Key elements of the technology for PlayStation 3 - including the PlayStation Network Platform and the software to enable back-compatibility with PS and PS2 games - are being worked on at Sony's UK studios, GamesIndustry.biz has learned.
Sources at Sony Computer Entertainment Europe have revealed that technology for the PlayStation Network Platform is being developed at Sony's London studio, under the internal name of "PlayStation HUB".
This tallies in with our earlier report about the progress in developing a billing system for the platform with the Royal Bank of Scotland, with testing on that aspect of the network system due to begin next month.
However, as yet it's not clear whether PlayStation HUB is the final name for the system which will be used in the company's marketing, or if a more consumer-friendly name will be chosen before the PS3 launches in November.
Elsewhere in Sony's UK division, other teams are working on the backwards compatibility for the PlayStation 3 - which, one programmer on this project has revealed to GamesIndustry.biz, will be accomplished in software rather than by building the PS2 hardware into the PS3 console, as was the case with the PS2's emulation of the PSone.
Sony has already pledged that all PS2 games which adhered to the company's TRC (technical requirements checklist) will be playable on the PS3 - and according to our source, the software emulation system is progressing well and may indeed meet that lofty goal.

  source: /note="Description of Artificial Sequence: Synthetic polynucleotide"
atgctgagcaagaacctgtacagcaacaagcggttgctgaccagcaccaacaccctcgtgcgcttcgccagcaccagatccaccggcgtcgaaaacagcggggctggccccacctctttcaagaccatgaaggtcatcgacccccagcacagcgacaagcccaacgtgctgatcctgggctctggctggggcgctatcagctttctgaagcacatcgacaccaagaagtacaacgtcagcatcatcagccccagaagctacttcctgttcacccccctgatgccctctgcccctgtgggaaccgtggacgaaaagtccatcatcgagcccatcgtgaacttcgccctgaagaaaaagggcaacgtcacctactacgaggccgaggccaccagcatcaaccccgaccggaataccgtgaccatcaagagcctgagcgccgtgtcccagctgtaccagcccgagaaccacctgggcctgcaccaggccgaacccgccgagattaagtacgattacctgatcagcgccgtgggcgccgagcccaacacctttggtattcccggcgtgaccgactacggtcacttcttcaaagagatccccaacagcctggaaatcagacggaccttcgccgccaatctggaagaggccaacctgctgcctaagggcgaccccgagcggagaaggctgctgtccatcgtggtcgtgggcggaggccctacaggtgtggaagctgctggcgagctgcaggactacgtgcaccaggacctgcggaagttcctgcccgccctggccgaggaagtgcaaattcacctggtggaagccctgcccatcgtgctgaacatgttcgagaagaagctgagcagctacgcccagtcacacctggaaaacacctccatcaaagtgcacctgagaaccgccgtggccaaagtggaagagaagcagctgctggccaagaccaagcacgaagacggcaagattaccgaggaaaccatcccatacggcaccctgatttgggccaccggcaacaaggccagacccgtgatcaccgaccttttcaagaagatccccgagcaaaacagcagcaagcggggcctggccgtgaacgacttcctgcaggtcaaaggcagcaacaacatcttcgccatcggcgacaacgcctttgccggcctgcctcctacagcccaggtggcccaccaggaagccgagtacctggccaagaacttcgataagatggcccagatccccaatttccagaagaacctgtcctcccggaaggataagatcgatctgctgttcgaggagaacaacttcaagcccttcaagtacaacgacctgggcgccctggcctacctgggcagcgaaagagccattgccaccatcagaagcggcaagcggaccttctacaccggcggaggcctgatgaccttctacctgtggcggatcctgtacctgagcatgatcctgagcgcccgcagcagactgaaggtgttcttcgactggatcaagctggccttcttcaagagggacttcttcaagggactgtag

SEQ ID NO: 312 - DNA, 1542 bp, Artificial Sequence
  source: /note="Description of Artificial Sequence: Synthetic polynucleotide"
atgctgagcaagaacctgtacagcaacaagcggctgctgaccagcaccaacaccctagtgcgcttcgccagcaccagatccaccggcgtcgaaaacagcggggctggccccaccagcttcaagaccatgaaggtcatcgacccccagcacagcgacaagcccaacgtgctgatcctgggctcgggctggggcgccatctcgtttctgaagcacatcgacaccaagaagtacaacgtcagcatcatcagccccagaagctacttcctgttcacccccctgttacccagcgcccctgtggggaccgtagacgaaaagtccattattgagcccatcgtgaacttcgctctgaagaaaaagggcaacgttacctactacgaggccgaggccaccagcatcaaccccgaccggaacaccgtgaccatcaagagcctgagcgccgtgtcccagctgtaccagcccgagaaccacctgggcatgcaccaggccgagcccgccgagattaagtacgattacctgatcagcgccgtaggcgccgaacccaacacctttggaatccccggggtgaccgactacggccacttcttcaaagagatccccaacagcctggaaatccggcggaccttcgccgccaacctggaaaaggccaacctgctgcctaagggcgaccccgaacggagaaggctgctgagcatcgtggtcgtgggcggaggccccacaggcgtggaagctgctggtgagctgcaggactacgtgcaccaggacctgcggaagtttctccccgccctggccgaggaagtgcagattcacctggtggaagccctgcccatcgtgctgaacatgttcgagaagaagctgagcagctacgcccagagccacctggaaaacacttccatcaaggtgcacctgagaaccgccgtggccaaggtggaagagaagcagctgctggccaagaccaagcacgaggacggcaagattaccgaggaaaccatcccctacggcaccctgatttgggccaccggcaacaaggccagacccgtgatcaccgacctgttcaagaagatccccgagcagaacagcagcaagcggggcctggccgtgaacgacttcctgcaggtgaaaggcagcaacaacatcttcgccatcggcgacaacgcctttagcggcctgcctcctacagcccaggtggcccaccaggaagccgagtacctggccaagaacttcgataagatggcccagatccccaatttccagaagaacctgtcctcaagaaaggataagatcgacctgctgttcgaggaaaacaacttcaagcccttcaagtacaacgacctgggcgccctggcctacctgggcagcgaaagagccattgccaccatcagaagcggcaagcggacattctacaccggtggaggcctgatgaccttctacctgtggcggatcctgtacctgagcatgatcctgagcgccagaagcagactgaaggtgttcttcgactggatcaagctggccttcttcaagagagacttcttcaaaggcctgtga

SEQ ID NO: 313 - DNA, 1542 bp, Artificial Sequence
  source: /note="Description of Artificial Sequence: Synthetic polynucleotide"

He claimed that a surprising number of PS2 titles are already working on PS3 prototype hardware, and revealed that the emulation tricks being used to mimic the behaviour of the notoriously complex PS2 processors are getting whole swathes of game titles up and running on an ongoing basis.
While our source was positive about the progress being made on backwards compatibility, the team is undoubtedly working under fierce deadline pressures - as if the vast, vast majority of the PS2's software library is not up and running by November, it will be hugely embarrassing for Sony in the wake of the company's frequent touting of compatibility with an existing software library as one of the key features of PS3, and one of its key advantages over the Xbox 360.